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After three semesters as a representative from Mather House, Neil “Buddy” Shah ’05 resigned from the Undergraduate Council Friday.
A member of the Campus Life Committee known best for his central role in organizing the council’s $1 movie nights, Shah said the combined time drains of completing graduate school applications and writing his senior thesis compelled him to give up his council seat.
“If you’re going to be on council, you should be extremely active,” Shah said. “You have an obligation to put in a lot of time and energy. I just didn’t have that time and energy anymore.”
On Friday, Shah was due to defend his attendance record before the council’s Executive Committee, which includes President Matthew W. Mahan ’05, Vice President Michael R. Blickstead ’05 and five other officers.
Council members who are absent from three or more meetings must appear before the next Executive Committee session in order to explain their absences, according to Section 22 of council bylaws. A two-thirds vote is required in order to be reinstated to council.
Though several council members are expelled in the course of a semester, most are reinstated—as John F. Voith ’07 and Samita A. Mannapperuma ’06 were this week.
Mahan said it was “not that uncommon” for senior thesis writers to relinquish their council positions.
“This was the first time it has happened this year,” Mahan said, noting that special elections are usually held about two times per semester.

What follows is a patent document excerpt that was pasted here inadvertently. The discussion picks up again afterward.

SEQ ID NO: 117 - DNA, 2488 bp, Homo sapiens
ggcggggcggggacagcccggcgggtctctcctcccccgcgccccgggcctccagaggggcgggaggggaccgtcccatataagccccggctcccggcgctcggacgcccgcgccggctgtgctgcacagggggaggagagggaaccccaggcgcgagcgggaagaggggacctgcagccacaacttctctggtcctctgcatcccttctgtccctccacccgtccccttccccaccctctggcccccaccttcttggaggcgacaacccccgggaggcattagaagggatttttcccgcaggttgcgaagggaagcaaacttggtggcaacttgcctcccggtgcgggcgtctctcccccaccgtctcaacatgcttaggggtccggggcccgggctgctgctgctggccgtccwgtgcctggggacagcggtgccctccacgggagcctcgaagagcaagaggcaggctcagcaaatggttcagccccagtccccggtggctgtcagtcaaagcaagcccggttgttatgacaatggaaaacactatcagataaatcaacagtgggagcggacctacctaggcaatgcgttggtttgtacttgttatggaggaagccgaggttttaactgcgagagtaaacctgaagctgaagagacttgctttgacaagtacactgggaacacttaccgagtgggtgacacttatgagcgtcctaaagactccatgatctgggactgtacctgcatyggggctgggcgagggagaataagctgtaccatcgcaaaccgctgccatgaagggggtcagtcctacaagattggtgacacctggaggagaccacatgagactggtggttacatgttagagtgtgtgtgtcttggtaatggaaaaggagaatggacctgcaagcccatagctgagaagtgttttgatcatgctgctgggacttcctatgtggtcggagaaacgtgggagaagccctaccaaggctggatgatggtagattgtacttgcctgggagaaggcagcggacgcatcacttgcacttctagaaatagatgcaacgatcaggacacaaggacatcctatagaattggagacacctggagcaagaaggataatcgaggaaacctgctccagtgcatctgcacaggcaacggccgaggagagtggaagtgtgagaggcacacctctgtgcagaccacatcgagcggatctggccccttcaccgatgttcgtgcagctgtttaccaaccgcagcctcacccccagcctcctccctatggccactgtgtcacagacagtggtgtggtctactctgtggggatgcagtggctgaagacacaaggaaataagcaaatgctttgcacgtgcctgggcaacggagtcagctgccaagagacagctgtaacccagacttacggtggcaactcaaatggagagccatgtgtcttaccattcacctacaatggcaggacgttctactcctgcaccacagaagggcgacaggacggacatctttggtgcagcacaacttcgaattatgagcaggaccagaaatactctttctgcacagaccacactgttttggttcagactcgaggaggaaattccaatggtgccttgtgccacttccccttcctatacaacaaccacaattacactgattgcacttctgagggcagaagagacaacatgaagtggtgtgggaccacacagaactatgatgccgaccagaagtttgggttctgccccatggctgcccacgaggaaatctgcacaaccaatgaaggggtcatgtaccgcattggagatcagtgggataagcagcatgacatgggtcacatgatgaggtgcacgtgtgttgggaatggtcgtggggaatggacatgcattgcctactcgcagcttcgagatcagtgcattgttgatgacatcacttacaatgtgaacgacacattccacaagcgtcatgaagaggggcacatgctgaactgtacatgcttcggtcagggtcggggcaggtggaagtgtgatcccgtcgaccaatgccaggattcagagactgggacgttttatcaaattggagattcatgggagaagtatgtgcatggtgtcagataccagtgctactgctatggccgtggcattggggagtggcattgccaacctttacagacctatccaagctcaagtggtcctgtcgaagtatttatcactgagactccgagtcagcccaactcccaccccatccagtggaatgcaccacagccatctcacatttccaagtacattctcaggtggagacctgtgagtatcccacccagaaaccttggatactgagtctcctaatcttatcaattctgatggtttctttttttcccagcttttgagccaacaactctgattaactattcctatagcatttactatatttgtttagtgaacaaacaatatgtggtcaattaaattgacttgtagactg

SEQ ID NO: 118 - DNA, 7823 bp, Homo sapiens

“Buddy would have been reinstated if he had tried,” Chair of the Campus Life Committee (CLC) Christina L. Adams ’06 said. “He said at the meeting that he thought he couldn’t improve his attendance record.”
An economics concentrator currently enrolled in five economics classes, Shah said this was the first time he had missed three meetings during a semester.
“I didn’t feel guilty, but at the same time, movie nights weren’t enough to justify my staying on council,” Shah said.
Yet Adams said Shah was a valuable member of CLC because he “was almost single-handledly in charge of movie nights,” which typically demand about 10 hours of planning and committee meetings per event.
“He brought such a good spirit to CLC meetings,” Adams said. “We will miss him.”
At last night’s meeting, the council passed a resolution thanking Shah for his service to the council, an action that previously was reserved for deans and administrators.
A special election for the empty Mather House seat will take place sometime in February. Shah said he hoped this election would bring “young blood” to the group and added that he found his council experience educational.
“I learned a lot about being an effective planner and organizer,” he said.
—Staff writer Elena P. Sorokin can be reached at firstname.lastname@example.org.
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